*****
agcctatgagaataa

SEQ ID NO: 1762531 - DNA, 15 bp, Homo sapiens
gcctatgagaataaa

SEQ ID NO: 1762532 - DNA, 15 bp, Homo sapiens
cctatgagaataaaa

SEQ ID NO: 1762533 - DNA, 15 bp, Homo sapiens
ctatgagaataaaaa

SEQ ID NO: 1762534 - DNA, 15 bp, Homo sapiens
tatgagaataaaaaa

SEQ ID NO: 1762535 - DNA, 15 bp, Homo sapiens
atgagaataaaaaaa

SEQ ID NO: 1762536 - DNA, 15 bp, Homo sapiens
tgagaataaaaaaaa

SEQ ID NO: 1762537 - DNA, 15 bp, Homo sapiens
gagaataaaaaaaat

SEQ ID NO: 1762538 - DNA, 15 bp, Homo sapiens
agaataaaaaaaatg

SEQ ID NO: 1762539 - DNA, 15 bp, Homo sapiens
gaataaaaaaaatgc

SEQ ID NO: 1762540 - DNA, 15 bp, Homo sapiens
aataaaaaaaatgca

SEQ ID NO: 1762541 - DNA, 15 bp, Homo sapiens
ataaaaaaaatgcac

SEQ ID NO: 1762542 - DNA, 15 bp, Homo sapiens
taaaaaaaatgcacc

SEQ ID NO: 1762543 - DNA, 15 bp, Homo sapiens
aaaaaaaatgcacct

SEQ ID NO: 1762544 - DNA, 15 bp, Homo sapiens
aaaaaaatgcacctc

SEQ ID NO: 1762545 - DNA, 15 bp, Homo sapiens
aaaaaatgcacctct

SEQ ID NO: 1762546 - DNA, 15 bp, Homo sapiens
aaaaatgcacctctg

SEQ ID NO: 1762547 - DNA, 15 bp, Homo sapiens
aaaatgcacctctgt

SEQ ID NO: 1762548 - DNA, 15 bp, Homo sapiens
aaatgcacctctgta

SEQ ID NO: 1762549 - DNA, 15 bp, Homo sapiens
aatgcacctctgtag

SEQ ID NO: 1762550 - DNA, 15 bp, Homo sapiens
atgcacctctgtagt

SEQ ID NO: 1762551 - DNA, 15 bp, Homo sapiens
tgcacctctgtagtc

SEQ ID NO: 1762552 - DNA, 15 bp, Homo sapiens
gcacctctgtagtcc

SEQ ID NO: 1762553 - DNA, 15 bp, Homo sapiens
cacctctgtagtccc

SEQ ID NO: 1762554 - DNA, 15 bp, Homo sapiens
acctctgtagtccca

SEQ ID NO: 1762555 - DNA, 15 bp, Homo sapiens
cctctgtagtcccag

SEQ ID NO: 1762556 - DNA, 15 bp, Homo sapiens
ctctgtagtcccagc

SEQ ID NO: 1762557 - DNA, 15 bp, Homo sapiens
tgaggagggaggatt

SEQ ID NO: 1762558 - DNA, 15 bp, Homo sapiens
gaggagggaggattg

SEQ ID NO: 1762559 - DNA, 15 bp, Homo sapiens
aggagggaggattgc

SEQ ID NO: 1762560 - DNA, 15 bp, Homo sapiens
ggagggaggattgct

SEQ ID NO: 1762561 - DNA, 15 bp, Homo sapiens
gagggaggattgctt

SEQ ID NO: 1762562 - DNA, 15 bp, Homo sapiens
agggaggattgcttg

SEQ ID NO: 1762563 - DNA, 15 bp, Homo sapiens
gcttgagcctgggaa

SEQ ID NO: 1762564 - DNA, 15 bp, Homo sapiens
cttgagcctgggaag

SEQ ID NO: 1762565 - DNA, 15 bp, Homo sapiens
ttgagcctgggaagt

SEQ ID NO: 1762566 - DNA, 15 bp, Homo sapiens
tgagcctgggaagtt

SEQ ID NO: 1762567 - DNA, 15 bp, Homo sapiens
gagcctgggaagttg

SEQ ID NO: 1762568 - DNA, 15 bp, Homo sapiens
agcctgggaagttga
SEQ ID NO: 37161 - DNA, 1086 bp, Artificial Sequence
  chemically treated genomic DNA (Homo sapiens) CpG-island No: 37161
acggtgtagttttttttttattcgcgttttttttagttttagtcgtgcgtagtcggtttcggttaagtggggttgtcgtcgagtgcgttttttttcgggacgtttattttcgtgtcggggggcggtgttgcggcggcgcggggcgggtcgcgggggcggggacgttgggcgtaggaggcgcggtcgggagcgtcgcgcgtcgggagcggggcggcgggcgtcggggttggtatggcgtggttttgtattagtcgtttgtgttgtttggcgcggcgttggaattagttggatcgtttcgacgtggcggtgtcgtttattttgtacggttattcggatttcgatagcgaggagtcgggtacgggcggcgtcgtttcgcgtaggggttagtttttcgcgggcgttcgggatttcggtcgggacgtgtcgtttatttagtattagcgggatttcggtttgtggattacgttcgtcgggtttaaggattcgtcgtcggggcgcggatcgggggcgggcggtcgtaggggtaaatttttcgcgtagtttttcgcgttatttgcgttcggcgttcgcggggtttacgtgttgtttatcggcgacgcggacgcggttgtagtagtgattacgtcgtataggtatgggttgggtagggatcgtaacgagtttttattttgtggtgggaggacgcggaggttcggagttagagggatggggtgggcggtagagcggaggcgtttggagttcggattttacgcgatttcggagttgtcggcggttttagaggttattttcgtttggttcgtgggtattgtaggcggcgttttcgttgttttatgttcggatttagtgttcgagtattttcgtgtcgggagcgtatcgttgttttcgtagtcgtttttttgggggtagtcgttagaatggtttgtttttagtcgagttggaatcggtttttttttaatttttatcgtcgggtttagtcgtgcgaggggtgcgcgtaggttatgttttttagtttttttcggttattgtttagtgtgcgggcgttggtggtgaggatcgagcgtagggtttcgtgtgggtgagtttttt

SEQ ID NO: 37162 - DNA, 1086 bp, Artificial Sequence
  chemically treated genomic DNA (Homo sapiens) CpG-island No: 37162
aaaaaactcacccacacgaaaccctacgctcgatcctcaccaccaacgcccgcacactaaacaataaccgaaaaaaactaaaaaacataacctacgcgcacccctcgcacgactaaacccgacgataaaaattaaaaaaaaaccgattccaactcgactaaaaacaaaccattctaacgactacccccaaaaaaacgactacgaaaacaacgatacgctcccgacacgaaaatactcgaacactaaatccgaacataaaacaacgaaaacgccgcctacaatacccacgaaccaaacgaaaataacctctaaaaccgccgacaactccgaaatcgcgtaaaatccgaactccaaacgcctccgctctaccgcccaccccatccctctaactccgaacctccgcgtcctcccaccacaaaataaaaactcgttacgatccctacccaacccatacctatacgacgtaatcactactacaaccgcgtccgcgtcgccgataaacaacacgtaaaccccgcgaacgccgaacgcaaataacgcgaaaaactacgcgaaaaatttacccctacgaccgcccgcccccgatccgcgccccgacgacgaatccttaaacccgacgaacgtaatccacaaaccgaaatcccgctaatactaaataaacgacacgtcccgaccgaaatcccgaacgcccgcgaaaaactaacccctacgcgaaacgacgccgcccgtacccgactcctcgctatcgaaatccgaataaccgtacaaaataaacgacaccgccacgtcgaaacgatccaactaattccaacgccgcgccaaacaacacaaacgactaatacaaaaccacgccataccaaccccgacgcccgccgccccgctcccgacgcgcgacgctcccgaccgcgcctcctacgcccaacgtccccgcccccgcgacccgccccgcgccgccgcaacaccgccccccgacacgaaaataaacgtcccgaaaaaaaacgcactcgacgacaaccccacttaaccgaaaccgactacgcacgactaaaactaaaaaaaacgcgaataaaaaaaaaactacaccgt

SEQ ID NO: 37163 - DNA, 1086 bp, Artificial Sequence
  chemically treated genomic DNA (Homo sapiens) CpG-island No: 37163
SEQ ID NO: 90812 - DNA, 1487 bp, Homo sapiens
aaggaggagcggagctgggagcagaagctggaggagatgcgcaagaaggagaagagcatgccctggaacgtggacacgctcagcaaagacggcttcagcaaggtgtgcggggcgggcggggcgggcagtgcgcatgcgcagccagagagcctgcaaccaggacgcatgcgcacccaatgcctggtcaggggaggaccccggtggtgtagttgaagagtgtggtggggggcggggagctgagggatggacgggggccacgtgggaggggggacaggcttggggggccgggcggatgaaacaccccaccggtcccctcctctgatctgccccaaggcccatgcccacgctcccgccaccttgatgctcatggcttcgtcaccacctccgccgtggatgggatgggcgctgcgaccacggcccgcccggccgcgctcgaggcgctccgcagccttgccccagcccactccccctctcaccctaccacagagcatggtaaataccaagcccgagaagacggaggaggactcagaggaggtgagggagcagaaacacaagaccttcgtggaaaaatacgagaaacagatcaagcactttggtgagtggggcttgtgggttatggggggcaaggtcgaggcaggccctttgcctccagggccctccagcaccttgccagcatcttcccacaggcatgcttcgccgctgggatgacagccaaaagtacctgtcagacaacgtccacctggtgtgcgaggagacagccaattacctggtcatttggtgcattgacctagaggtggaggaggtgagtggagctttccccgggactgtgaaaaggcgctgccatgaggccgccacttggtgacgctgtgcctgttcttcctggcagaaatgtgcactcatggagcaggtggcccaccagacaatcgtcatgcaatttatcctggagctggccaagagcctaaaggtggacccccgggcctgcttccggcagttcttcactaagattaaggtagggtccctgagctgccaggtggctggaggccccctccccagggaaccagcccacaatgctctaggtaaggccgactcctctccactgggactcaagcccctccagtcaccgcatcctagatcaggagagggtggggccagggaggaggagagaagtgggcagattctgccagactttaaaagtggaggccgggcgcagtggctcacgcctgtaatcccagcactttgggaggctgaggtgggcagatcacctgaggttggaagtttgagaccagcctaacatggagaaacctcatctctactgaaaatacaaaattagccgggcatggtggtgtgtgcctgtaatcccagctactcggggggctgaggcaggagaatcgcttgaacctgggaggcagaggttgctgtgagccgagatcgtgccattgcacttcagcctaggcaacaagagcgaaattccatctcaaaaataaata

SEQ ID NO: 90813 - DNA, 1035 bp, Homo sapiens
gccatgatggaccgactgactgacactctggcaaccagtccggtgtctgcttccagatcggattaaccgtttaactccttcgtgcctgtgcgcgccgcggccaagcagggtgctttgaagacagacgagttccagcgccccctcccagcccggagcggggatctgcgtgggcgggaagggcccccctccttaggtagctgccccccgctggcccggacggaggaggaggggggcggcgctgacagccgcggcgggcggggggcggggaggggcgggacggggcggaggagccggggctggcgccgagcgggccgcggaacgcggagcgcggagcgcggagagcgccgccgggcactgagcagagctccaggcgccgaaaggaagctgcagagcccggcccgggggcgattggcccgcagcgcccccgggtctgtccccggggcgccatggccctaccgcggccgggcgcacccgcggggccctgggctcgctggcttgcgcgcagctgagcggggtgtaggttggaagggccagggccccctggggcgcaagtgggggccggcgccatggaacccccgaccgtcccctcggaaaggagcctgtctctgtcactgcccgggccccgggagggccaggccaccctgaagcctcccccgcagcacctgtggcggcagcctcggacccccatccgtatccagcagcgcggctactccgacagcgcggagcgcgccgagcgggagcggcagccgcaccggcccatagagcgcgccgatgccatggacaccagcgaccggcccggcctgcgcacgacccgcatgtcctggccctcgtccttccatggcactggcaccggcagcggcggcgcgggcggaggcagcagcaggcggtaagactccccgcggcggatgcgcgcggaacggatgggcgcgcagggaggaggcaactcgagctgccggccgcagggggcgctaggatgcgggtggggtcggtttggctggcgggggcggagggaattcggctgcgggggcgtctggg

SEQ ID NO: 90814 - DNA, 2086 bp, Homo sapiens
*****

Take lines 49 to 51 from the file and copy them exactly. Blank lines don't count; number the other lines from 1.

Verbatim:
acctctgtagtccca

SEQ ID NO: 1762555 - DNA, 15 bp, Homo sapiens
cctctgtagtcccag